Here is some really good news and some not so good news. The good news is that life expectancy is on the rise. A healthy 65-year-old man can expect to live another 20 years or so, while for a woman of the same age, it’s an additional 22 years. In fact, a 65 year-old man has about a 30 per cent probability of making it to age 90; a 65 year-old woman has a 40 per cent chance. And the chance that at least one member of a 65 year-old couple will still be alive at age 90 is as high as 60 per cent, according to Walter Updegrave in Money, (May 2012, p. 34).
That’s the good news. The not so good news is that all of us will still die; it’s only a matter of when.
The Hebrews knew that death comes to everyone. The psalmist says, “A human being, however firm he stands, is but a puff of wind” (Ps. 39:5-6). “Who can live and not see death? Who can save himself from the power of the grave?” (Ps. 89:48).
If death is inevitable, then how do we plan to deal with our dying and death? The late Apple CEO Steve Jobs tried diet and meditation to eliminate his cancer. When that failed, he spent more than $100,000 mapping his DNA in a desperate effort to save his life. Debbie Boone is now on television singing her way to youth by selling Lifestyle Lift in the U.S. This product claims to reverse the signs of aging. And then, there are all those diet and exercise books, vitamins and wonder drugs, Botox injections, cosmetics and hair dyes, cryogenics and cosmetic surgery, and even certain types of meditation techniques. It seems we will do anything to try to escape death.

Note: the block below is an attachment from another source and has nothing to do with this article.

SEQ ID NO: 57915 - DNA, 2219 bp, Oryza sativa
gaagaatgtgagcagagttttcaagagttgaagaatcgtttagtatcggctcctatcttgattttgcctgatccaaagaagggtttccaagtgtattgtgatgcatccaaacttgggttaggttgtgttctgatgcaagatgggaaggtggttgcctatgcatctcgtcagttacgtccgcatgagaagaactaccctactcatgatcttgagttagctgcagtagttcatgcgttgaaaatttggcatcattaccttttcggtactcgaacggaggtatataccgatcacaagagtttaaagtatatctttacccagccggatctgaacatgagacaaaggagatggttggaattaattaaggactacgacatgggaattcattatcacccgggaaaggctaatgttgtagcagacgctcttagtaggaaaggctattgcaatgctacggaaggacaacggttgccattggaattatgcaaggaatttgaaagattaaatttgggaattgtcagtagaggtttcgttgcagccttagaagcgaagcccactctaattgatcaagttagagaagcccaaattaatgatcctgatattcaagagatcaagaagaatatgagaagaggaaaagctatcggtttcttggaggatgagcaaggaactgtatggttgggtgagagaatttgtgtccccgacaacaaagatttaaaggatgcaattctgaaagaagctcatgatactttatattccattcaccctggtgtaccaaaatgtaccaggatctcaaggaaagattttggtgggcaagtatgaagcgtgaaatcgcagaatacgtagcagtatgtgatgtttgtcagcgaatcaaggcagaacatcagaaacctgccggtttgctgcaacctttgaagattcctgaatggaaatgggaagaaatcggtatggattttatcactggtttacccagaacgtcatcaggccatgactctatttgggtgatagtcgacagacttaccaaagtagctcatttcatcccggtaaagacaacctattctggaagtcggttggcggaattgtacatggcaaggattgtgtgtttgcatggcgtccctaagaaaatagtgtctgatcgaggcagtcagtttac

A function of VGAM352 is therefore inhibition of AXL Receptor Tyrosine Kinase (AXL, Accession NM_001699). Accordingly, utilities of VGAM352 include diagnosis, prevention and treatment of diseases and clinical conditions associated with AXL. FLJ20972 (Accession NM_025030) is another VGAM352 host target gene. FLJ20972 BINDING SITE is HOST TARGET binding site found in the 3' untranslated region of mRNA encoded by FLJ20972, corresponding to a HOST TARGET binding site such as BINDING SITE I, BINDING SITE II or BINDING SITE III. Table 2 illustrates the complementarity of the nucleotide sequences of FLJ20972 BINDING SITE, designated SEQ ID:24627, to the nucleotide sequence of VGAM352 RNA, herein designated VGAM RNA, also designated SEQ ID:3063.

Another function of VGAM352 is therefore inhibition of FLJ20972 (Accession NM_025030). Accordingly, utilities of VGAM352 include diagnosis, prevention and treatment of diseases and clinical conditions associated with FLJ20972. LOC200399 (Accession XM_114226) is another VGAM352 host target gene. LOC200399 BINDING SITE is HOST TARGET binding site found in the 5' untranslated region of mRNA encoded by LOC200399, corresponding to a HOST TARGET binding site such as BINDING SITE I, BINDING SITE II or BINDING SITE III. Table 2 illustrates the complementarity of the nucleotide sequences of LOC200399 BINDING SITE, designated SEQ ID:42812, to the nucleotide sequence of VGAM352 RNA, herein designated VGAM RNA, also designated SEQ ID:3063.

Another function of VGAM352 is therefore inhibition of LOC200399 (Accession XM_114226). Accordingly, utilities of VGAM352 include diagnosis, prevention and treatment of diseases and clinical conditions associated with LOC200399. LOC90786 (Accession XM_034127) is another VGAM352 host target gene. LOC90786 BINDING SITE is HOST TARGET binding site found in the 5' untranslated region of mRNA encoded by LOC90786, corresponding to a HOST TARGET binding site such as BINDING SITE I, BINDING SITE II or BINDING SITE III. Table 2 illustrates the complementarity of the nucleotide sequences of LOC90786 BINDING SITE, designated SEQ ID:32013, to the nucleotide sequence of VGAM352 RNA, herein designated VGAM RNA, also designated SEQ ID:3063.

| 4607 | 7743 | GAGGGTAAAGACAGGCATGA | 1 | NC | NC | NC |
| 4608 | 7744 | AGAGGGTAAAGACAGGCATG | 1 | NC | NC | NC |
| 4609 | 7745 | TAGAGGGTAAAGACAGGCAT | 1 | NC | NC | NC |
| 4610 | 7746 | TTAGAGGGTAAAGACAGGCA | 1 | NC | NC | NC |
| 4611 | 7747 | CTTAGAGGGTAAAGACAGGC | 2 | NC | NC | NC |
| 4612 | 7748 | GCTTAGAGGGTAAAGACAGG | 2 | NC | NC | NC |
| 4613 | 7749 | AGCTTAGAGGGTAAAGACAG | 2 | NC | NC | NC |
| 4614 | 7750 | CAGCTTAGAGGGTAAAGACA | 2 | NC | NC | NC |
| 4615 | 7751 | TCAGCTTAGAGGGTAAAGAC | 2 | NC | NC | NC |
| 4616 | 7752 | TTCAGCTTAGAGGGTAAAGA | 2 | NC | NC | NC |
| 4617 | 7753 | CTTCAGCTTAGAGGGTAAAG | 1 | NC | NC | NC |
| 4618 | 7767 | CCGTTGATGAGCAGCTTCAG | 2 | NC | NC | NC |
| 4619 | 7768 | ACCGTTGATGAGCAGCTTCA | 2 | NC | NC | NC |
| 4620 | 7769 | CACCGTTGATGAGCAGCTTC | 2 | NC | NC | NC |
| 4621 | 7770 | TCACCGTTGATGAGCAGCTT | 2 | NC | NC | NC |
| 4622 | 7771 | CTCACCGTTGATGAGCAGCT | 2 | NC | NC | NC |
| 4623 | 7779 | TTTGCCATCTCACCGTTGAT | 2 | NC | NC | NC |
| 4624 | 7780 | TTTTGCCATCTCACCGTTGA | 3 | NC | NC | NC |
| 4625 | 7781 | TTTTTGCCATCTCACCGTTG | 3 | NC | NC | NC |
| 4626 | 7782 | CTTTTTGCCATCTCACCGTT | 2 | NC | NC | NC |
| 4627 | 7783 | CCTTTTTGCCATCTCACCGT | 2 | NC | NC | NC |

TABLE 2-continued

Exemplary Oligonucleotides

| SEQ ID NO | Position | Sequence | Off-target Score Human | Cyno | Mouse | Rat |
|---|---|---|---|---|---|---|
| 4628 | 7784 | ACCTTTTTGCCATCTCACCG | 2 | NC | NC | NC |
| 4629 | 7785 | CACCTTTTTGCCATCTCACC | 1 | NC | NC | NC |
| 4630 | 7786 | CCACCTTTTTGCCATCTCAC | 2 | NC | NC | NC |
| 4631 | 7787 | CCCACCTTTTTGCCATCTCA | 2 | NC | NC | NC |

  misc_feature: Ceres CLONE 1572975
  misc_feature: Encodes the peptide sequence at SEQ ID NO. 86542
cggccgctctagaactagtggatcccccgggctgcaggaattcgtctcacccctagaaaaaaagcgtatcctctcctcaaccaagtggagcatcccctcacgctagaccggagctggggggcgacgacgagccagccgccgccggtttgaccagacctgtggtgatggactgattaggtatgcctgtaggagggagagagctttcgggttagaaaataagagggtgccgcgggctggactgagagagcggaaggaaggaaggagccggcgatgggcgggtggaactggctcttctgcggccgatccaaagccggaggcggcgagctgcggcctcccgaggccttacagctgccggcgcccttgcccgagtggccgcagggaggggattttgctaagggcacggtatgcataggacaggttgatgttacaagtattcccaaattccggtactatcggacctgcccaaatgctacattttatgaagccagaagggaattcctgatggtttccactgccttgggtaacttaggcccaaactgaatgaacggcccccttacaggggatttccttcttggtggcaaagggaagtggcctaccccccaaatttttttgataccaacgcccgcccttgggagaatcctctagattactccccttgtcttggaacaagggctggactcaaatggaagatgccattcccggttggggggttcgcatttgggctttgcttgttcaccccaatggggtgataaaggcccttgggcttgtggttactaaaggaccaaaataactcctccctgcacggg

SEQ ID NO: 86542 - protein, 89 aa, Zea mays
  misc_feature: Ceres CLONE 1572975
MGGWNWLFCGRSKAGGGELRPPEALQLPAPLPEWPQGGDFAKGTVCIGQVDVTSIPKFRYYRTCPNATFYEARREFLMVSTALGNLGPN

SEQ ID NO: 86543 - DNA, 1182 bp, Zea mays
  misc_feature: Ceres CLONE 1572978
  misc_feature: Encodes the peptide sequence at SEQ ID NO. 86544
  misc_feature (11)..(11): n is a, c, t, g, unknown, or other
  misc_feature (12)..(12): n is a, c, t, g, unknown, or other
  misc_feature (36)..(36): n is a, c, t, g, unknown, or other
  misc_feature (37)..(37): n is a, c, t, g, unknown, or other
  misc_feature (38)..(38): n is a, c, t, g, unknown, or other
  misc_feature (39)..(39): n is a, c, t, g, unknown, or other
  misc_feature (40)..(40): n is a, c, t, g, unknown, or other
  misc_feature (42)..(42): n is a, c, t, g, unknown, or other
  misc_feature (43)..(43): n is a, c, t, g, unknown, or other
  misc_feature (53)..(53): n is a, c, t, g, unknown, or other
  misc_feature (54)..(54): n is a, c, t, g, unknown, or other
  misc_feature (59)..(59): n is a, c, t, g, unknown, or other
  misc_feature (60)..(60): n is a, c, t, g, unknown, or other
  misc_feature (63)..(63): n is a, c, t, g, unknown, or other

I once found myself at a funeral home preparing to escort a body to the cemetery. As I waited in the lobby, I read some of the brochures put out by the funeral directors’ association. Every effort was made to minimize death, often by implying that death was no more than a prolonged vacation. I’m sure this was done out of genuine compassion for the bereaved, but the message simply wasn’t true. And yet, we want to believe it.
I’m always amazed at funeral visitations when I hear a well-meaning person trying to comfort a relative before an open casket by saying, “Doesn’t Uncle Jim look good! Why, I haven’t seen him look this good in years!”
Well, Uncle Jim doesn’t look good. Uncle Jim is dead.